Debit note vs. credit note: What’s the difference?
Explore the difference between a debit and credit note by learning what each term means, plus when and how businesses should use them.
Both debit notes and credit notes are official accounting documents, both used by businesses but for different purposes. Separate from an invoice, these notes let buyers know how much existing business credit they have or conversely, how much they still owe. They’re also critical to shipment tracking, payments due or if any credit remains on the account.
What’s a debit note?
A debit note, or a debit memo, is a document issued by a seller to a buyer to notify them of current debt obligations. You’ll commonly come across these notes in business-to-business transactions — for example, one business may supply another with goods or services before an official invoice is sent. The debit note ‘makes note’ of the transaction for documentation purposes.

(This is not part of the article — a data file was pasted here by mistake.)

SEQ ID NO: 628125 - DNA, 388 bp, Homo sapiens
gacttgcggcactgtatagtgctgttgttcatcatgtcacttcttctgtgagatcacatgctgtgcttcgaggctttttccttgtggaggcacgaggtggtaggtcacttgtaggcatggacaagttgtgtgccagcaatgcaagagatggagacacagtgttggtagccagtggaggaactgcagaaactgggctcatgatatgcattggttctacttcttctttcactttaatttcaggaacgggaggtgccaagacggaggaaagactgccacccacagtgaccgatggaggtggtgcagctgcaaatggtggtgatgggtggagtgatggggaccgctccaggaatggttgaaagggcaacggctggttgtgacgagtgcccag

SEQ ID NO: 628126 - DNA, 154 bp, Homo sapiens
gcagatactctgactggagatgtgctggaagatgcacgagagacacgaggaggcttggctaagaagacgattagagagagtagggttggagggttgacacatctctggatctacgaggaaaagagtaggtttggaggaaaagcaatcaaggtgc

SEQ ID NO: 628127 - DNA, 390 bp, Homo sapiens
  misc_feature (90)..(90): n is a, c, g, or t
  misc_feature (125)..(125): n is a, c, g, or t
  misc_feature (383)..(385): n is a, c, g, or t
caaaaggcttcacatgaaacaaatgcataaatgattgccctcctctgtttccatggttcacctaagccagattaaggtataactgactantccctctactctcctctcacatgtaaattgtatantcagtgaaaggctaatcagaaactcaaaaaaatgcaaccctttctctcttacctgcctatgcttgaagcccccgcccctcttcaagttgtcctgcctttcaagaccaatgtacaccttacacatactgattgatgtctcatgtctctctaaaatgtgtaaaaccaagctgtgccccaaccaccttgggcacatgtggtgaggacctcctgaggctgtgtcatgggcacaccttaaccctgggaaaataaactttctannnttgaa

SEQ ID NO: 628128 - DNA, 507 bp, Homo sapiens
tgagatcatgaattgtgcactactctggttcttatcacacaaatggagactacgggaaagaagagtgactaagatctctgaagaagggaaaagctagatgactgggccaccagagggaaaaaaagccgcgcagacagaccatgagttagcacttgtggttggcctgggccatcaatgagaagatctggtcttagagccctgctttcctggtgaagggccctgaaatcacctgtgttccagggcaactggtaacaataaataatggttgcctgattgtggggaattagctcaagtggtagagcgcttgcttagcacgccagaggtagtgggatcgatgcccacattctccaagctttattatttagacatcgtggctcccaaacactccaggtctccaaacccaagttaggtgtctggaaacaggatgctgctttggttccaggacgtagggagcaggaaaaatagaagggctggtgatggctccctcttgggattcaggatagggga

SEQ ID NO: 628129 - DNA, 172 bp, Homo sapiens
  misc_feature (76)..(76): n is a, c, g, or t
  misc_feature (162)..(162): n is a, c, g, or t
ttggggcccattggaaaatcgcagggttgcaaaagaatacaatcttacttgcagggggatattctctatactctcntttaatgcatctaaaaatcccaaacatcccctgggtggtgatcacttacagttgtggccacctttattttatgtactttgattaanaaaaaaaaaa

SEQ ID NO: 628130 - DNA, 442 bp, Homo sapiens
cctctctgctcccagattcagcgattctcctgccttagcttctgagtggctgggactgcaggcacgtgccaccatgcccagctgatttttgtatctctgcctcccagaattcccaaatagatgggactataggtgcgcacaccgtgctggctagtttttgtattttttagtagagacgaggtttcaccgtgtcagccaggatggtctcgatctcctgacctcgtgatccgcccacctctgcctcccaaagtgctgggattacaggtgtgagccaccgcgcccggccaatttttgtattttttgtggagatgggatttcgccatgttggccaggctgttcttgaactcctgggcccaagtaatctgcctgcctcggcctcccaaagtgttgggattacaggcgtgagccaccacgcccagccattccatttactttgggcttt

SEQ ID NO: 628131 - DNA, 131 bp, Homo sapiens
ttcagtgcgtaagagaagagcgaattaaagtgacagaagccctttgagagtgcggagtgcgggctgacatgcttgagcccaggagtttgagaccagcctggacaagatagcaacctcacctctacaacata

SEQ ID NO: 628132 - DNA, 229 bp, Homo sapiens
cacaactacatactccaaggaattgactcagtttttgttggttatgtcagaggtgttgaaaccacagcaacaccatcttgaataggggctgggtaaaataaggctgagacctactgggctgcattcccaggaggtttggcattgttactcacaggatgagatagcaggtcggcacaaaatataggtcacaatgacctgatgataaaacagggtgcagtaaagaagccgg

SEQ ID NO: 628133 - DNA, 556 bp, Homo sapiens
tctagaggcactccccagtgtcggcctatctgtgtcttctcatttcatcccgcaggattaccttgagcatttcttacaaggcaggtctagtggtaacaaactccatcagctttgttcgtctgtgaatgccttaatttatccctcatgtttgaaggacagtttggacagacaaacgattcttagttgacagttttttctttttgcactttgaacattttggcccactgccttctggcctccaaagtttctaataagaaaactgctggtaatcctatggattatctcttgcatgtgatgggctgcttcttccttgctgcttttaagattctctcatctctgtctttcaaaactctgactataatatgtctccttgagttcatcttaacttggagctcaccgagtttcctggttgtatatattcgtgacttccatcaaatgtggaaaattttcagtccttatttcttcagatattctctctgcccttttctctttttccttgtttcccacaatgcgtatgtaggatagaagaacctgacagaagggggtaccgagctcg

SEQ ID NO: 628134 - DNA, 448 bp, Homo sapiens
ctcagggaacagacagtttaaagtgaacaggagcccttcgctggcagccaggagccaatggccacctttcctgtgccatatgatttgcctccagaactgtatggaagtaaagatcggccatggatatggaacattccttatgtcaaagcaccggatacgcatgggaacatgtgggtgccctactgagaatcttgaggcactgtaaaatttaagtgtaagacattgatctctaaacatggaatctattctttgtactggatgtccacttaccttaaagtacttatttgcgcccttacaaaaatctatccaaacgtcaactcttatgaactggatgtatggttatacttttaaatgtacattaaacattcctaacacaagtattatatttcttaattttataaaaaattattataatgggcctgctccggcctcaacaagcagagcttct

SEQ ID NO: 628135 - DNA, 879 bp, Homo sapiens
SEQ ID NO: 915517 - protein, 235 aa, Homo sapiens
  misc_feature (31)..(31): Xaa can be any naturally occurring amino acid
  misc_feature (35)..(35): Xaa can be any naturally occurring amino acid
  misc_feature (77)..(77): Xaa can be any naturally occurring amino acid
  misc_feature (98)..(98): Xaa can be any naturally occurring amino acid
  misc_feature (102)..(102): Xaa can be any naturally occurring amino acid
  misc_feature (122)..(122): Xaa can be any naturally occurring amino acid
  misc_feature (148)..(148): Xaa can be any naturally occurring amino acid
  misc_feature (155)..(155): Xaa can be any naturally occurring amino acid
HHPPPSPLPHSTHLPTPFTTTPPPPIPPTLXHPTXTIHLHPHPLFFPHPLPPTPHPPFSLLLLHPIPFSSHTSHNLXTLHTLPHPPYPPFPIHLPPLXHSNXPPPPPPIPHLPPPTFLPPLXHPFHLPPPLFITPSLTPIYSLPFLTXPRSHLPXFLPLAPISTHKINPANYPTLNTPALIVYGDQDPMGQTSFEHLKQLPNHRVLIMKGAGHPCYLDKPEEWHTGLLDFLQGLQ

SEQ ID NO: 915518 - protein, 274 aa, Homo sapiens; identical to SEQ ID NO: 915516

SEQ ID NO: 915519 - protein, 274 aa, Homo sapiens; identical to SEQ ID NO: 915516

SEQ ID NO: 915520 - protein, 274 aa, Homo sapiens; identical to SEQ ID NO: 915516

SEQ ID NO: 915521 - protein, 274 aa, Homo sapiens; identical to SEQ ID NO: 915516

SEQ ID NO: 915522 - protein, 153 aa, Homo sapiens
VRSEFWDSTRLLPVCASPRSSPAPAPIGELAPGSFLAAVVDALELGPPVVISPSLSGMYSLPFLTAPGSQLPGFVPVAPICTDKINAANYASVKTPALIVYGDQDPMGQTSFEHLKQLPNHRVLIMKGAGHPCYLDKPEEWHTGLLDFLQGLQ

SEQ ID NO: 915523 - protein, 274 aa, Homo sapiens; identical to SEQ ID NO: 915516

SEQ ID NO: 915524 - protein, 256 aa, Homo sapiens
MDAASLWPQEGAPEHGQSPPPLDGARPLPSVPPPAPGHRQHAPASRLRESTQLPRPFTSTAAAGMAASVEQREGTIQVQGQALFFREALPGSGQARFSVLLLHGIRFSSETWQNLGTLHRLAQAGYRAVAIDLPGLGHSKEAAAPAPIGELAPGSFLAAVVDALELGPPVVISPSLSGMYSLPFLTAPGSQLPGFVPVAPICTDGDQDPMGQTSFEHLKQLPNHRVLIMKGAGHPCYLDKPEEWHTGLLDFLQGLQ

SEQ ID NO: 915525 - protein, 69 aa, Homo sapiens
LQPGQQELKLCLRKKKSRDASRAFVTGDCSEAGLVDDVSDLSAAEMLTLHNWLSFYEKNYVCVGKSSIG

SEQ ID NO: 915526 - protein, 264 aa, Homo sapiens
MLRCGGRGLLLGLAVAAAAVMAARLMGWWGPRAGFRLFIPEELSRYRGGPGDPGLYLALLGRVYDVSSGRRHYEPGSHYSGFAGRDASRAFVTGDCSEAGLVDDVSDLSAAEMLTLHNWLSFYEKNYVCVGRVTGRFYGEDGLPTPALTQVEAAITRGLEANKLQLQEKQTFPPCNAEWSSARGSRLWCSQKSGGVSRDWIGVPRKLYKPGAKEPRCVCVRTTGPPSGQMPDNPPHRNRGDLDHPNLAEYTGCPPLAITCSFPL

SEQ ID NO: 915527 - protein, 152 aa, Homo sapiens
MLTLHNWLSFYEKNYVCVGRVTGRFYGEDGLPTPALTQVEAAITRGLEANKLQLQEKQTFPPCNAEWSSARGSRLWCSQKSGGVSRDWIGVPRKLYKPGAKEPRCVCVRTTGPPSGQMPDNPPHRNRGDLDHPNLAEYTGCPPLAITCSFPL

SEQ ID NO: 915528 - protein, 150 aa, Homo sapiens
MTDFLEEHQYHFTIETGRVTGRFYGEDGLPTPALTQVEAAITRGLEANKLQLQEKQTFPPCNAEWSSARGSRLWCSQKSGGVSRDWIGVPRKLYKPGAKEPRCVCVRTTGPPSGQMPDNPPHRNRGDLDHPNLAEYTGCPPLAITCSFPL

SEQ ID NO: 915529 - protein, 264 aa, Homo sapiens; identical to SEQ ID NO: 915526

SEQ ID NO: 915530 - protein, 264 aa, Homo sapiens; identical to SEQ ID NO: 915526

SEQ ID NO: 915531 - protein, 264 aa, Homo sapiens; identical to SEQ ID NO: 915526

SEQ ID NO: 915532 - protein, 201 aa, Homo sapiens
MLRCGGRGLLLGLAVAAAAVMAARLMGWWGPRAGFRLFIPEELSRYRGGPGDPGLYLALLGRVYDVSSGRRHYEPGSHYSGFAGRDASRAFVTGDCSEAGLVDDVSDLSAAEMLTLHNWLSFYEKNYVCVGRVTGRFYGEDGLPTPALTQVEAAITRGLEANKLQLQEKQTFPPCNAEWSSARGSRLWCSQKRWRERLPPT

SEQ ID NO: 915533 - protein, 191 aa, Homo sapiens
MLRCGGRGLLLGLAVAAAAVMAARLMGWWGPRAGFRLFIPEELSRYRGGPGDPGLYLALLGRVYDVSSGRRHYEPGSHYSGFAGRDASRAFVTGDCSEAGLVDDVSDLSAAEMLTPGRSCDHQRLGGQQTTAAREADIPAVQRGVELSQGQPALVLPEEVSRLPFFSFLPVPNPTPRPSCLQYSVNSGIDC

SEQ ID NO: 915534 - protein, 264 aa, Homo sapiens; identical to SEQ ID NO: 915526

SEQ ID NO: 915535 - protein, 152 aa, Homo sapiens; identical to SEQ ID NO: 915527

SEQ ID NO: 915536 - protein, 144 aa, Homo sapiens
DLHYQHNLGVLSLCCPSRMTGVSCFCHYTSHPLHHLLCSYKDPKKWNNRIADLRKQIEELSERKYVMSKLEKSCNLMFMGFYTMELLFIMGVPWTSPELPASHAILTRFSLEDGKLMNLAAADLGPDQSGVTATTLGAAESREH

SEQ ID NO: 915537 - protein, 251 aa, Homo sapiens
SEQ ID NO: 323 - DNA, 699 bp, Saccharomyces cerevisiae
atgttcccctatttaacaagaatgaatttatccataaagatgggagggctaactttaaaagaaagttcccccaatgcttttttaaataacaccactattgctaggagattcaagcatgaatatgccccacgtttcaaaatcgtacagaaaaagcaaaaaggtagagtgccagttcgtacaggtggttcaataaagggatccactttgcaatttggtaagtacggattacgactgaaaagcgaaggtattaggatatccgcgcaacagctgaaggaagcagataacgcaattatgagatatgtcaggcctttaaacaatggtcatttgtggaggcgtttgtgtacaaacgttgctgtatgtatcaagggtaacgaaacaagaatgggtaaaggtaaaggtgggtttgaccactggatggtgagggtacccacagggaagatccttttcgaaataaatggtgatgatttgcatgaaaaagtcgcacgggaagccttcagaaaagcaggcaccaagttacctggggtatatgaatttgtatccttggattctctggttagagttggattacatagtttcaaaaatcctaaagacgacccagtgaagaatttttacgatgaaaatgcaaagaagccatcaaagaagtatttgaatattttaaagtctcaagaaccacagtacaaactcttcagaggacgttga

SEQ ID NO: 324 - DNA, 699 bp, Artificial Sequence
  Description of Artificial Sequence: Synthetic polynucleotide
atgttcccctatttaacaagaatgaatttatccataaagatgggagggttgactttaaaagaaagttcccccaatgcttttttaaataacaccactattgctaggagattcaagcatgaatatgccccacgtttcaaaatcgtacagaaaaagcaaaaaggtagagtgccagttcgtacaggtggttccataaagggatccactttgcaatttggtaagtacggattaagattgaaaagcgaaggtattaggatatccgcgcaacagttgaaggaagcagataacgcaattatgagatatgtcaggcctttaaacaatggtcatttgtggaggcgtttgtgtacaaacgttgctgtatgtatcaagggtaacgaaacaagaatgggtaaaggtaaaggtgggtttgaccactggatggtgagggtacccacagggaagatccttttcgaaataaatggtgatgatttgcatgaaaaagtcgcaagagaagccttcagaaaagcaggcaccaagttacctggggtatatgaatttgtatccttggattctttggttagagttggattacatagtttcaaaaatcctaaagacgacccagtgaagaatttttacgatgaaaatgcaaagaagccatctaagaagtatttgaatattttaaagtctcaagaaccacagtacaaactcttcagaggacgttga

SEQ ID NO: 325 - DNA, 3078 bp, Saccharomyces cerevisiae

Debit notes are also used in business-to-customer transactions, such as when a customer returns goods to a business received on credit. In this case, the buyer issues the debit note to the seller.
What’s a credit note?
A credit note is a document issued by a seller to a buyer to notify that credit is being applied to their account. You might notice these referred to as credit memos, too. As a seller, you may issue a credit note when there’s a need to cancel all or part of an invoice for a variety of reasons, including:
- Changes to an order after an invoice is issued
- Goods returned or services rejected
- Goods were damaged during shipping
- Pricing mistakes on the original invoice
No actual money is exchanged with a credit note; rather, it’s used to offset a previous invoice that’s already been paid.
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